With the third and final installment of Education Week’s “Quality Counts” 2019 report out, Florida continues to rank in the top five states when it comes to K-12 student achievement.
Florida placed fourth in the latest rankings for the second year in a row. New Jersey topped the latest rankings.
“The annual report compares state-by-state data and trends related to achievement levels, achievement gains, poverty gap, achieving excellence, high school graduation and Advanced Placement,” the Florida Department of Education noted this week.
“Maintaining a top national ranking for student achievement for the second year in a row is a testament to our educators and students,” said Gov. Ron DeSantis this week. “The investments and policy changes we made this year in education will only continue to ensure our students’ success, regardless of income or zip code.”
Highlights of the Quality Counts 2019 report include:
- Florida’s overall rank for the K-12 Achievement category remained fourth in the nation.
- Florida’s achievement gap for low-income fourth-grade reading and eighth-grade math students is tied for tenth lowest in the nation.
- Florida is one of only eight states to reduce the achievement gap for both low-income fourth and eighth-graders since 2003.
- Florida is ranked sixth for reducing the achievement gap for low-income students in both fourth-grade reading and eighth-grade mathematics.
- Florida’s fourth-grade students are second in the nation for achievement gains in both reading and mathematics.
- Florida’s eighth-grade students are third in the nation for achievement gains in reading.
“Florida’s students continue to succeed, as witnessed by Florida’s increasing graduation rate – up to 86.1 for the class of 2018. Florida students also continue to rank highly on AP exams, where Florida students are first among the 50 states in participation and third among the 50 states in performance. The fact remains – more students in Florida continue to enroll in and succeed in these rigorous accelerated programs,” the Florida Department of Education noted.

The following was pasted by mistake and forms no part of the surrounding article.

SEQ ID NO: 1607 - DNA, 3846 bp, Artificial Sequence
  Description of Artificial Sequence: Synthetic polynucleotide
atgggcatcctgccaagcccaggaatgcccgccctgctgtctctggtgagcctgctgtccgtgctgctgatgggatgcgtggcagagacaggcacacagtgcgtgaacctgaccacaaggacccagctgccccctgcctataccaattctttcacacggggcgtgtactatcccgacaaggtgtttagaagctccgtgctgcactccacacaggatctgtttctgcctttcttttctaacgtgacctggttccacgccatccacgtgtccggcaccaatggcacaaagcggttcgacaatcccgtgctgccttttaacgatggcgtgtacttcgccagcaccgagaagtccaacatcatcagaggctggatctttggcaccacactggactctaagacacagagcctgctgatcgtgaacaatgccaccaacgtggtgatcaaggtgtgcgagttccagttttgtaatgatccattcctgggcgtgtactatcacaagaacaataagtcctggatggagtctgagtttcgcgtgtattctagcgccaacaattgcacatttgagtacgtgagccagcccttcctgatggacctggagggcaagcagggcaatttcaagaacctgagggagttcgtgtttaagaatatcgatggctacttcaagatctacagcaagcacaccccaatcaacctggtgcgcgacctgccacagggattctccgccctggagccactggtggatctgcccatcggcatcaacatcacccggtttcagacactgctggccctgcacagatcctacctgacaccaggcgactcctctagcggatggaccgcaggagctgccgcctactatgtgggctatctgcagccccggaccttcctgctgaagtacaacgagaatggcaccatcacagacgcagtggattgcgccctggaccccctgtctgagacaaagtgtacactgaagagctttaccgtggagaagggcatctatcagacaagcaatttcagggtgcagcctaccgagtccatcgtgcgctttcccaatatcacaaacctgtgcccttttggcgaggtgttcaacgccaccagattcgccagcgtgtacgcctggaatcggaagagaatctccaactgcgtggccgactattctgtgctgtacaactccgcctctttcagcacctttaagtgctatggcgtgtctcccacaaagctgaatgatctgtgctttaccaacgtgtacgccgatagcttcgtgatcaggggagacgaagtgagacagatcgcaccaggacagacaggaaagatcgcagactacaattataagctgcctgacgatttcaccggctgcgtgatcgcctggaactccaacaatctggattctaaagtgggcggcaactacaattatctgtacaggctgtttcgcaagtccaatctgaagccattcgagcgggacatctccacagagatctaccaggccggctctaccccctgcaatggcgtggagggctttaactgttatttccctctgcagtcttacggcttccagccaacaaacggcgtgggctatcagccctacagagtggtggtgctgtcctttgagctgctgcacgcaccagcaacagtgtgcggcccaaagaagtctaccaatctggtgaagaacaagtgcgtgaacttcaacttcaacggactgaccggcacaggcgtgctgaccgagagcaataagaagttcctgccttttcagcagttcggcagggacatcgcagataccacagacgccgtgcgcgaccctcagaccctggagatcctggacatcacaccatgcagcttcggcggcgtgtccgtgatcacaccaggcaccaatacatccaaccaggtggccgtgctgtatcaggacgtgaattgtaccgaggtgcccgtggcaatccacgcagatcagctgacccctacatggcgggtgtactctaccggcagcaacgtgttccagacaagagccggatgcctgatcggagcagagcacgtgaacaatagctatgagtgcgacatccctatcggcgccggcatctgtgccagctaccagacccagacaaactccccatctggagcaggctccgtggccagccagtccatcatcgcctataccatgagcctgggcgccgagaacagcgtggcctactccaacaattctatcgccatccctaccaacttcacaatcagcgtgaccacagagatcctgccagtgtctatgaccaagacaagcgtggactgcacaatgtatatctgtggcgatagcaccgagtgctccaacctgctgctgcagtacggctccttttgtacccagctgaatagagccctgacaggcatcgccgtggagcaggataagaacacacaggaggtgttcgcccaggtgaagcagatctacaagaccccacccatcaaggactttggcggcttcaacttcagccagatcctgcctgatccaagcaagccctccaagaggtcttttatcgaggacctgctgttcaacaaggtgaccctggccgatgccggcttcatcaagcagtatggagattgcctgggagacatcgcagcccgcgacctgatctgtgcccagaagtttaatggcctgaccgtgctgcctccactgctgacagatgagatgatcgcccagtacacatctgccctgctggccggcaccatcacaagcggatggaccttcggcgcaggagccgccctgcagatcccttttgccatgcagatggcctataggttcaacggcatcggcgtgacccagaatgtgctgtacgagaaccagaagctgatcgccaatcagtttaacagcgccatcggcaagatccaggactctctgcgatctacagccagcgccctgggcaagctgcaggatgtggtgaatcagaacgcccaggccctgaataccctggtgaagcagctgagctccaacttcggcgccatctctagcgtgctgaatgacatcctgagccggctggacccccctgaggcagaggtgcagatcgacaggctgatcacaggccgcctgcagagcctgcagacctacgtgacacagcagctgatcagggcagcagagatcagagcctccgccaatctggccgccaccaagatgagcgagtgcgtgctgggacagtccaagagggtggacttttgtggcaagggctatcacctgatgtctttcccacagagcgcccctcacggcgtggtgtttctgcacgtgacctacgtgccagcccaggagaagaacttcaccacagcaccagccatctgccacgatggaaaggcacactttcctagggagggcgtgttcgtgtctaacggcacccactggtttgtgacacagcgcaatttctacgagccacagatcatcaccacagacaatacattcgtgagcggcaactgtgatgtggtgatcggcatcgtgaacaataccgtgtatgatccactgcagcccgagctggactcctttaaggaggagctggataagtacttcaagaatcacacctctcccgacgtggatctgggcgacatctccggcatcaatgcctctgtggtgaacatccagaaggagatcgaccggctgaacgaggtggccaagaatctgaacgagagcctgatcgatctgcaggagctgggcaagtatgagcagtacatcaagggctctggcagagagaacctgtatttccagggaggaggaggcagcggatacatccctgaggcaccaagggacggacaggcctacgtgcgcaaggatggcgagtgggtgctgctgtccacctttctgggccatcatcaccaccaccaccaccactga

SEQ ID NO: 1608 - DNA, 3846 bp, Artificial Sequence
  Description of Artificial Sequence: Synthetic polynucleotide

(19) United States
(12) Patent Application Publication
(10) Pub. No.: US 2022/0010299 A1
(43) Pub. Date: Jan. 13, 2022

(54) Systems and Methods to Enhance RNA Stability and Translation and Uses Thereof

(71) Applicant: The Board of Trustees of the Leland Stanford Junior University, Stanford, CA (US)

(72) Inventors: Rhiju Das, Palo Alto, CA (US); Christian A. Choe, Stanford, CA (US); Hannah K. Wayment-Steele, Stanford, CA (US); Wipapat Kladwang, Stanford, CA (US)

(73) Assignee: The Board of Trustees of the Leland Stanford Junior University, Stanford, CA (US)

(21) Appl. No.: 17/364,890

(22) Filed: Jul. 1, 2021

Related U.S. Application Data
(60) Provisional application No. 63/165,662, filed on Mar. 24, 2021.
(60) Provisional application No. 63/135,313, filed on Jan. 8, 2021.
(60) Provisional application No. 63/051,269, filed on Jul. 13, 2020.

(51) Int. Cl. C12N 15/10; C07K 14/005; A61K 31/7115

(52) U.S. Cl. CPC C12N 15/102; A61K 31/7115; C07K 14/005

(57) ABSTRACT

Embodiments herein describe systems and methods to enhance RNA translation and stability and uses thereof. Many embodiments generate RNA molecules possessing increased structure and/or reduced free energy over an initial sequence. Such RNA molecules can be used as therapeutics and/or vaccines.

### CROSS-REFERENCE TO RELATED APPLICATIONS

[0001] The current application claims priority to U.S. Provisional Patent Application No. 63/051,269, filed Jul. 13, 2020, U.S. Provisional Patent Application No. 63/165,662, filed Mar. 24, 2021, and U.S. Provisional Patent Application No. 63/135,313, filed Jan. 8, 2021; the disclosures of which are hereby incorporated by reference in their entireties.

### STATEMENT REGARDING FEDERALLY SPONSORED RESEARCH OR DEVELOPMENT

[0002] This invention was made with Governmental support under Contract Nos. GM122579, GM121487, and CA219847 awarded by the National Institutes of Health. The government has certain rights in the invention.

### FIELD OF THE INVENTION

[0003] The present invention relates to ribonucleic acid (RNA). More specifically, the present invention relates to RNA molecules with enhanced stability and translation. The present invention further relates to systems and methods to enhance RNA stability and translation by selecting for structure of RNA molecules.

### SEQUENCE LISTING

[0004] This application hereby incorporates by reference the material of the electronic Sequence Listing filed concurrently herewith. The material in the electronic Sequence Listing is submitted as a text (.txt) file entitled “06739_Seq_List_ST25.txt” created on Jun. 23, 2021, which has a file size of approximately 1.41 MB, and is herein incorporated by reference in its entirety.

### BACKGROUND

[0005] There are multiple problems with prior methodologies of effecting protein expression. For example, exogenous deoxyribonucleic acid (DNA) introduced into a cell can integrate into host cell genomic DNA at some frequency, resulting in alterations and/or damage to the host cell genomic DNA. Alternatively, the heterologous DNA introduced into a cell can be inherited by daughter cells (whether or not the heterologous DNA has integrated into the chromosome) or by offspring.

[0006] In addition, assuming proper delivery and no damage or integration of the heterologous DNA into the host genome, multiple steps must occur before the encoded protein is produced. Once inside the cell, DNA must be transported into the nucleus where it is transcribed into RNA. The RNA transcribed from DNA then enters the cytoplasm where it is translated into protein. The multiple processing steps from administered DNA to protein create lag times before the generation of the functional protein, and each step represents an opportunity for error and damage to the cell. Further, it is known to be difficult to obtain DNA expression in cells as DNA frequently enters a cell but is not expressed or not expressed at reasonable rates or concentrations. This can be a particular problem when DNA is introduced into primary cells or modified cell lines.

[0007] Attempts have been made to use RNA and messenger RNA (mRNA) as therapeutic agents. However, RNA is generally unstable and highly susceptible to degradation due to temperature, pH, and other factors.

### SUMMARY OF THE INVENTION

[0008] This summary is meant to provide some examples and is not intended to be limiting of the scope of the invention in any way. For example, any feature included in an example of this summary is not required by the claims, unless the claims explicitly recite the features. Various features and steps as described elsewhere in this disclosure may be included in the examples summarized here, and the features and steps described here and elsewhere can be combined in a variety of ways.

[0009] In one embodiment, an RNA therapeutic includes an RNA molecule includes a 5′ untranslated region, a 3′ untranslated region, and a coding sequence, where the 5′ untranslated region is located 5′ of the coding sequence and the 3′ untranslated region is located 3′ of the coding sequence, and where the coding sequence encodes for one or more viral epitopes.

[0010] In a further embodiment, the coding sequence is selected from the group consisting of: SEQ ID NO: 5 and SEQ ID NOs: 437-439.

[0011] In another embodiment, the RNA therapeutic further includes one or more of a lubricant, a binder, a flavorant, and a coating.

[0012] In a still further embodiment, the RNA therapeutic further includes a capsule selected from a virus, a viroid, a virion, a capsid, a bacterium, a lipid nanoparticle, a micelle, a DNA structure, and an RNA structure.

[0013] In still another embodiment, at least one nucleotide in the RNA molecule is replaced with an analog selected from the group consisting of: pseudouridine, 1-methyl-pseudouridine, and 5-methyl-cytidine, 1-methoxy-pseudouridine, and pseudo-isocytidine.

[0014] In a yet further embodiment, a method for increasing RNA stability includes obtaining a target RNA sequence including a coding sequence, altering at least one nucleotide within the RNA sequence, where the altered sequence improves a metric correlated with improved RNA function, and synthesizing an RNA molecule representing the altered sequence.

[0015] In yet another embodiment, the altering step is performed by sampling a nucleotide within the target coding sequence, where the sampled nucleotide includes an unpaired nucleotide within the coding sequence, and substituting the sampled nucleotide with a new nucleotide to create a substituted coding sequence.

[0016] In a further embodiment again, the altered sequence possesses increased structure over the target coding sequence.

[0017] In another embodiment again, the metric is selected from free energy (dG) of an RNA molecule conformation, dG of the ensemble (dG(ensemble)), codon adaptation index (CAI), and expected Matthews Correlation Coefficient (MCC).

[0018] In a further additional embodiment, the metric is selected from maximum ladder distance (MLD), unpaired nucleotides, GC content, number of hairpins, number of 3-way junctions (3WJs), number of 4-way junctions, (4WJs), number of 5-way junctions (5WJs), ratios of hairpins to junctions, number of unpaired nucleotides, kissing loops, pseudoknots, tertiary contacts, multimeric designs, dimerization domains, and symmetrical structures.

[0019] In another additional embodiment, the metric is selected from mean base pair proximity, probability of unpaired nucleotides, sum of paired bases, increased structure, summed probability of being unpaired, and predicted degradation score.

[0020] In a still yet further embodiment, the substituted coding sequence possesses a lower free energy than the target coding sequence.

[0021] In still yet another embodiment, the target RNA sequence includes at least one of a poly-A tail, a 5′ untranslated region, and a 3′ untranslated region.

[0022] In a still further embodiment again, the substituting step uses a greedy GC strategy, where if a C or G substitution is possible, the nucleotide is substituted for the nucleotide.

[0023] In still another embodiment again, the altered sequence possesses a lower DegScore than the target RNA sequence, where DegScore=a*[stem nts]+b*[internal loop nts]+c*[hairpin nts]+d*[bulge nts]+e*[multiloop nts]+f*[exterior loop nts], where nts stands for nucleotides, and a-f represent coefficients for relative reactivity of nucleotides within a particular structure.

State Education Commissioner Richard Corcoran offered a tip of the cap to the governor.
“I am thankful to Governor DeSantis for his bold vision to make Florida first in the nation for education. During the 2019 legislative session, his leadership secured big wins for students, parents and teachers through policies that will change the educational landscape for decades to come. The fact that Florida has sustained its national ranking is a testament to our dedicated teachers who work tirelessly to make sure every student receives a top-notch education that prepares them for life’s opportunities,” Corcoran said.
Corcoran pointed to a record $21.84 billion in state and local funding, an increase of $782.9 million to the FEFP (Florida Education Finance Program, Florida’s key method to fund education)” and to a $75 per student increase to the Base Student Allocation (BSA) and a $242.60 per student increase to the Florida Education Finance Program (FEFP), both the largest increases in years, as some of the actions DeSantis has taken to improve Florida’s schools.
Corcoran also noted the governor’s support of $423 million for a bonus program for high performing teachers, $10 million for educators to learn more about technology and teach computer science and $50 million over the next five years in a loan and tuition forgiveness program to recruit new teachers.
Still, the state Department of Education noted the state is going to need more teachers as Florida’s population continues to grow.
“Florida is going to need 8,500 news teachers to keep up with student growth over the next five years, in addition to those schools that already have critical shortages,” the Department noted.
Reach Kevin Derby at firstname.lastname@example.org.